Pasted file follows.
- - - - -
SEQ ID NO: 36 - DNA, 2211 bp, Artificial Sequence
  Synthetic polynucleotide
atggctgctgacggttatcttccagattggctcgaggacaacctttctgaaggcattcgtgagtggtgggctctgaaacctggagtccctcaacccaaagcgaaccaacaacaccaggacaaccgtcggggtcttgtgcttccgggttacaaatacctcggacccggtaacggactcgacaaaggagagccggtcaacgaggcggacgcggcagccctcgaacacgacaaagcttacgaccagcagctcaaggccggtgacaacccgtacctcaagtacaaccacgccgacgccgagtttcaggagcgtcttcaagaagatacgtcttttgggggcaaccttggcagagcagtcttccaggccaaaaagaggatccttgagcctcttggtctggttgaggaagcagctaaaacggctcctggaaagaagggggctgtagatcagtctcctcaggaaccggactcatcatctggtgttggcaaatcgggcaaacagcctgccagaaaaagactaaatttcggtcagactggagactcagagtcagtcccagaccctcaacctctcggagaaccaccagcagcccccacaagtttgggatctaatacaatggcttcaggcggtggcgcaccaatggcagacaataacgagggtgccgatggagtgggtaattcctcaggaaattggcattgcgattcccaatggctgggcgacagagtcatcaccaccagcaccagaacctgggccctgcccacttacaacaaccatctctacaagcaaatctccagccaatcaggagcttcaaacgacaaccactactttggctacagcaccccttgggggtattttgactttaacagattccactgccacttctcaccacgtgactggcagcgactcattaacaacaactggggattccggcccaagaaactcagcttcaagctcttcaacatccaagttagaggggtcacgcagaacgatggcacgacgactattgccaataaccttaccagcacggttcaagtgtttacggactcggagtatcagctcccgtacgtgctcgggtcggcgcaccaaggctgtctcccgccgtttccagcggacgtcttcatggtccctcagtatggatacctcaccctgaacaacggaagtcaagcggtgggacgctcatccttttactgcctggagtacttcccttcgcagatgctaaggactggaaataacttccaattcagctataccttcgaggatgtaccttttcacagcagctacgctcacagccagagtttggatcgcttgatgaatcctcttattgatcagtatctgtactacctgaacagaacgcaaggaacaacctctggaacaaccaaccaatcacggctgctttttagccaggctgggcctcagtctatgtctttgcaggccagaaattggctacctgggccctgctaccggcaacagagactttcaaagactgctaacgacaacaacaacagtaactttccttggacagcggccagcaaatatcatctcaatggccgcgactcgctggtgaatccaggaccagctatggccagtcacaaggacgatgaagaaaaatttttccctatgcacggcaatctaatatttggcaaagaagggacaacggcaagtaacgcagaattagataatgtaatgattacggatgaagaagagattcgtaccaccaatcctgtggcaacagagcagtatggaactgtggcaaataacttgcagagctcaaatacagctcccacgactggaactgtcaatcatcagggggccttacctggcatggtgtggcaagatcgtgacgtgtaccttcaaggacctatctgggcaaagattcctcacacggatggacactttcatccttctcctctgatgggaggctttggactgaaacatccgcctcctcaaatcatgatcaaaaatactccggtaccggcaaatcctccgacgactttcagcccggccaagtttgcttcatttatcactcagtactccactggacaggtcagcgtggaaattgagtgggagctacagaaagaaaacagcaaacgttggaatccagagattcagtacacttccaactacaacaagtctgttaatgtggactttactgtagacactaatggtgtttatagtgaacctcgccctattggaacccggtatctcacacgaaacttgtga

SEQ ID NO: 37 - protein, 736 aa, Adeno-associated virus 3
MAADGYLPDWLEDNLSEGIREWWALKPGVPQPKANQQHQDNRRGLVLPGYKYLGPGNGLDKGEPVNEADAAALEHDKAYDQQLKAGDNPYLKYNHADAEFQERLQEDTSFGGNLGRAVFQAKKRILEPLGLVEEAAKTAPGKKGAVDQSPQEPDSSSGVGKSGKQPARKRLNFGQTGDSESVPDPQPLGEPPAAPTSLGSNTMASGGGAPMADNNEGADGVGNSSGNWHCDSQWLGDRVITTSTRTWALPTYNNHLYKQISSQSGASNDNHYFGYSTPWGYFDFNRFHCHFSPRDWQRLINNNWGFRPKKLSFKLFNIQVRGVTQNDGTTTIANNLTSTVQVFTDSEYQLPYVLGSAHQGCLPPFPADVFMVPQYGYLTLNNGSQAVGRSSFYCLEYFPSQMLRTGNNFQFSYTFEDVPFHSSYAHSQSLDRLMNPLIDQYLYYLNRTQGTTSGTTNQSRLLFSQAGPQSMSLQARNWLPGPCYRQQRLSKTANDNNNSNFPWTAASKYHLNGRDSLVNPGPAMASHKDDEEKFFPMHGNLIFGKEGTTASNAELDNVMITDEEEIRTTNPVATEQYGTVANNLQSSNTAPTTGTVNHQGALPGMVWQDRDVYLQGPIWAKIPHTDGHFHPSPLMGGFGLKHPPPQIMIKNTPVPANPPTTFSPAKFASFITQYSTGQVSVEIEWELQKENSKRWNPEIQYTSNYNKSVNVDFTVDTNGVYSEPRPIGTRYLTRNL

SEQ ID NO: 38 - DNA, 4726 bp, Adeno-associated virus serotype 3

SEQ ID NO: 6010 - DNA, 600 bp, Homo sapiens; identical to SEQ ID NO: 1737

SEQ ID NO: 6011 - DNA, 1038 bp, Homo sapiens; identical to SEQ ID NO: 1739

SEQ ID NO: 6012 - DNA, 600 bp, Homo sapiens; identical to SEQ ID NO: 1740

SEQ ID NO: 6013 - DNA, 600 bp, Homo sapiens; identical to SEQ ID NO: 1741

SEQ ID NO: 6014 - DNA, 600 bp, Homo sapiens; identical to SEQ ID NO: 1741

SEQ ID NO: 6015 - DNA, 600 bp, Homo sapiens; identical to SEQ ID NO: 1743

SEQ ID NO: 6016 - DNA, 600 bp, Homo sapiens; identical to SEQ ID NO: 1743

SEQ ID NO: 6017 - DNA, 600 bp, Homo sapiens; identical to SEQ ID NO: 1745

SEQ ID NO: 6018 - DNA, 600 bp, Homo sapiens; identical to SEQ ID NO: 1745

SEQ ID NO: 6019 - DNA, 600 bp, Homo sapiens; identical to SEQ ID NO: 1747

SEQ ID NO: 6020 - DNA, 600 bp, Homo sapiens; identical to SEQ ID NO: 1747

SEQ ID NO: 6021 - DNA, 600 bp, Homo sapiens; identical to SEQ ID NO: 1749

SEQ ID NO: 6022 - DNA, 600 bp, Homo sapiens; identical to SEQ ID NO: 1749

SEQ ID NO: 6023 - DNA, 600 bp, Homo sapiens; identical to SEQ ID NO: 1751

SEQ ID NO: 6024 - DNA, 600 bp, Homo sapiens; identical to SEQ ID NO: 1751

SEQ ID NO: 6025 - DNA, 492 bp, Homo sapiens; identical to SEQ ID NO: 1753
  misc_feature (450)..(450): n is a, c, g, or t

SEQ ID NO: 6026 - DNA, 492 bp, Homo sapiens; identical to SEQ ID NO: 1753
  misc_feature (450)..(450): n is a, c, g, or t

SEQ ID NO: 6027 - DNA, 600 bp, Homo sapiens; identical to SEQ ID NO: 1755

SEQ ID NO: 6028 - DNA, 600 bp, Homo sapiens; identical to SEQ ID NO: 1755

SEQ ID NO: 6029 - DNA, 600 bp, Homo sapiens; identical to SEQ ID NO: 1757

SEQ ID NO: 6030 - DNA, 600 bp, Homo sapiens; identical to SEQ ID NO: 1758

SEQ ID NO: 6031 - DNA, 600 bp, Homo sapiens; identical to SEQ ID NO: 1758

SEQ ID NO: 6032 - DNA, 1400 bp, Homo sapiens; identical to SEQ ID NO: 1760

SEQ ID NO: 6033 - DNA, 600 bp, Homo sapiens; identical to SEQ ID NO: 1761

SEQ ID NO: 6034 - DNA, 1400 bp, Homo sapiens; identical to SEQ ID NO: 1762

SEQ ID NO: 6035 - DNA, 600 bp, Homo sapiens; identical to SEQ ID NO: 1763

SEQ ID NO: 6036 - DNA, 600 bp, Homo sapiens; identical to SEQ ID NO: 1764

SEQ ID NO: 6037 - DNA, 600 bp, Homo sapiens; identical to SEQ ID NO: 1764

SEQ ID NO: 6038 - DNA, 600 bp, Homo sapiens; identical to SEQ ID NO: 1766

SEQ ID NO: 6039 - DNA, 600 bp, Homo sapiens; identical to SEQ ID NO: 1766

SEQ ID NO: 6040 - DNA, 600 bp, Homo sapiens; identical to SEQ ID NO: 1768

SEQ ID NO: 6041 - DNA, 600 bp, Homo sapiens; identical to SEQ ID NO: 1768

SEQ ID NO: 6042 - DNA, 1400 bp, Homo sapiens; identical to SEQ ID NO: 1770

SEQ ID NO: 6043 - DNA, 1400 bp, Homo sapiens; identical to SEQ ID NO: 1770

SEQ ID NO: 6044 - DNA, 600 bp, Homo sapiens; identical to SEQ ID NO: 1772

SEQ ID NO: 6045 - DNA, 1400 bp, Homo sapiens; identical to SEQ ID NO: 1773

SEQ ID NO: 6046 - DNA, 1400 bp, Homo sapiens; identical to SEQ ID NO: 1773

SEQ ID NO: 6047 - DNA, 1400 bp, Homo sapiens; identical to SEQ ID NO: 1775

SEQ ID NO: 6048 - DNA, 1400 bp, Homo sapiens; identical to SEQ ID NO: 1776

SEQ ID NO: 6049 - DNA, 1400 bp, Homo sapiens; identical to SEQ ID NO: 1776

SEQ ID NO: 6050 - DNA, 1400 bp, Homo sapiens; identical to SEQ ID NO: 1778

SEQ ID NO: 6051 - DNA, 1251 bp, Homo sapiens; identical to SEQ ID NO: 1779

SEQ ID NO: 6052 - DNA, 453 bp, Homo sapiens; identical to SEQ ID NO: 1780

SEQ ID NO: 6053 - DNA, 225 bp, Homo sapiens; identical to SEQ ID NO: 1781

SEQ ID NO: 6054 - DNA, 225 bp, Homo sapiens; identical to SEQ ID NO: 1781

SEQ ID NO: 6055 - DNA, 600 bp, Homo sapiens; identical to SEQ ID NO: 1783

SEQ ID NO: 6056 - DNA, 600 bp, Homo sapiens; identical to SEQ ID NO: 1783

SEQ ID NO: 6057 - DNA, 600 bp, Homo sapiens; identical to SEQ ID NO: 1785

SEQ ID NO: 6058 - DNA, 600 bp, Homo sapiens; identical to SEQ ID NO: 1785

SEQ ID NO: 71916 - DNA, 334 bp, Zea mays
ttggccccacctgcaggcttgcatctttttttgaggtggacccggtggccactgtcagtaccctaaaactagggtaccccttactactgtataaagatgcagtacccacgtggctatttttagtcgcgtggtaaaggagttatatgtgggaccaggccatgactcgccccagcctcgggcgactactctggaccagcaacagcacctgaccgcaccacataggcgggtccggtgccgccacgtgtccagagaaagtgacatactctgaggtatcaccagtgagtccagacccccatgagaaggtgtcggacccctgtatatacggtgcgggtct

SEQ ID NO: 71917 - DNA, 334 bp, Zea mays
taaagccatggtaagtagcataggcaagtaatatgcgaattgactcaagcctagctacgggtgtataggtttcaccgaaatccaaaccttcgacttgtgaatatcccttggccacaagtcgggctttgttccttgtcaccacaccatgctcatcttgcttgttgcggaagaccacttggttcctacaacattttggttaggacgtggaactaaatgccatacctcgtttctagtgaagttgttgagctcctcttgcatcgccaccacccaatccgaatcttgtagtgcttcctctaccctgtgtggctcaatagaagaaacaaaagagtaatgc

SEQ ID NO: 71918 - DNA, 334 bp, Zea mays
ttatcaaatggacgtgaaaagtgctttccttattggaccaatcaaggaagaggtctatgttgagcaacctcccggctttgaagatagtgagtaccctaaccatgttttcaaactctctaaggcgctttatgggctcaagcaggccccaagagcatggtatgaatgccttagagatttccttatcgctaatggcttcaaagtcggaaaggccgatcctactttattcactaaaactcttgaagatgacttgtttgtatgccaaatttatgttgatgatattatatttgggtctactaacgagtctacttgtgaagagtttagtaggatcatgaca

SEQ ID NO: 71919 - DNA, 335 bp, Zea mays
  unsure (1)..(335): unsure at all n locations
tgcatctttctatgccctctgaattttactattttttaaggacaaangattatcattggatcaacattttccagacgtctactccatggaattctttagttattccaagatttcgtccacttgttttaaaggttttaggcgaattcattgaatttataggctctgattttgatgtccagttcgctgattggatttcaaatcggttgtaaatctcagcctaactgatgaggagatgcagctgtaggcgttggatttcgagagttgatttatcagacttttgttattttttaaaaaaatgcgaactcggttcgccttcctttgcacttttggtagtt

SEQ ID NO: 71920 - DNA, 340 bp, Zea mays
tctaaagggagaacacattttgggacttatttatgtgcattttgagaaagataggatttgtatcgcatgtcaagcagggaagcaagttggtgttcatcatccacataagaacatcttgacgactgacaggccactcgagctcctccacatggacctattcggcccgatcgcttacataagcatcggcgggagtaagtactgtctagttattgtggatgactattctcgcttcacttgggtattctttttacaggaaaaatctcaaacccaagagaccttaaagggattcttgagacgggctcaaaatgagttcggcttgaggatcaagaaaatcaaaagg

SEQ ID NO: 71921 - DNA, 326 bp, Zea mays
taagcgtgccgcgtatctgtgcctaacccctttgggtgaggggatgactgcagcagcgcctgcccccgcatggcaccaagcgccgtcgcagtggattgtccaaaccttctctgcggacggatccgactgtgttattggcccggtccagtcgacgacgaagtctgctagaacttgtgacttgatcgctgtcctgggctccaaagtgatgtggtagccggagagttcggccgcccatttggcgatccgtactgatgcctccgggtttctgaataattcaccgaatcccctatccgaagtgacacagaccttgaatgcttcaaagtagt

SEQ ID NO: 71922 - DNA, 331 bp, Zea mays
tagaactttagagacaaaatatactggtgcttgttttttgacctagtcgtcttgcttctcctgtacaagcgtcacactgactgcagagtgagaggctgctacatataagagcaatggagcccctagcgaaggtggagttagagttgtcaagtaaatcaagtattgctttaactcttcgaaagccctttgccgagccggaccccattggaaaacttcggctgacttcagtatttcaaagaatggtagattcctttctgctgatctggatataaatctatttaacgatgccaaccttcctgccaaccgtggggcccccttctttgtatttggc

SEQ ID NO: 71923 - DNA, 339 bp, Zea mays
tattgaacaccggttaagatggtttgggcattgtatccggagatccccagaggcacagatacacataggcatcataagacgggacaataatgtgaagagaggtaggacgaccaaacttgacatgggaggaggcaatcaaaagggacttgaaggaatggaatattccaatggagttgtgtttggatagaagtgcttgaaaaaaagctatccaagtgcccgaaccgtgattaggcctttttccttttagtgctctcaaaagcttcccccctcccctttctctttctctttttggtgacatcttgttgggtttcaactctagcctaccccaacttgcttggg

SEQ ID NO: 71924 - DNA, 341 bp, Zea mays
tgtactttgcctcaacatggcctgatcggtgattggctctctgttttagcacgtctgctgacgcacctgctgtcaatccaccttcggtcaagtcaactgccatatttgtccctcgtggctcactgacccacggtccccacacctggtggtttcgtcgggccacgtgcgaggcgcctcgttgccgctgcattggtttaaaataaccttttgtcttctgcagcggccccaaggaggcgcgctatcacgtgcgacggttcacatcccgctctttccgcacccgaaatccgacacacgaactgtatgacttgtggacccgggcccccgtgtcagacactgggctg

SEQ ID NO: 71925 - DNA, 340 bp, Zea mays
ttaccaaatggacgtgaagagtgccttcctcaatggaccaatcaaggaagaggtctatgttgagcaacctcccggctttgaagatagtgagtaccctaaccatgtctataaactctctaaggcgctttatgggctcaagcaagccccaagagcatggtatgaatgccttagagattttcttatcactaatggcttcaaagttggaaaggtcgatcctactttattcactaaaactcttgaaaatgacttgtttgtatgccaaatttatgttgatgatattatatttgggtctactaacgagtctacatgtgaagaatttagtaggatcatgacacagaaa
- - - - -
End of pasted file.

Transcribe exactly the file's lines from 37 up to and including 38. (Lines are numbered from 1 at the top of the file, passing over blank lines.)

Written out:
SEQ ID NO: 6038 - DNA, 600 bp, Homo sapiens; identical to SEQ ID NO: 1766

SEQ ID NO: 6039 - DNA, 600 bp, Homo sapiens; identical to SEQ ID NO: 1766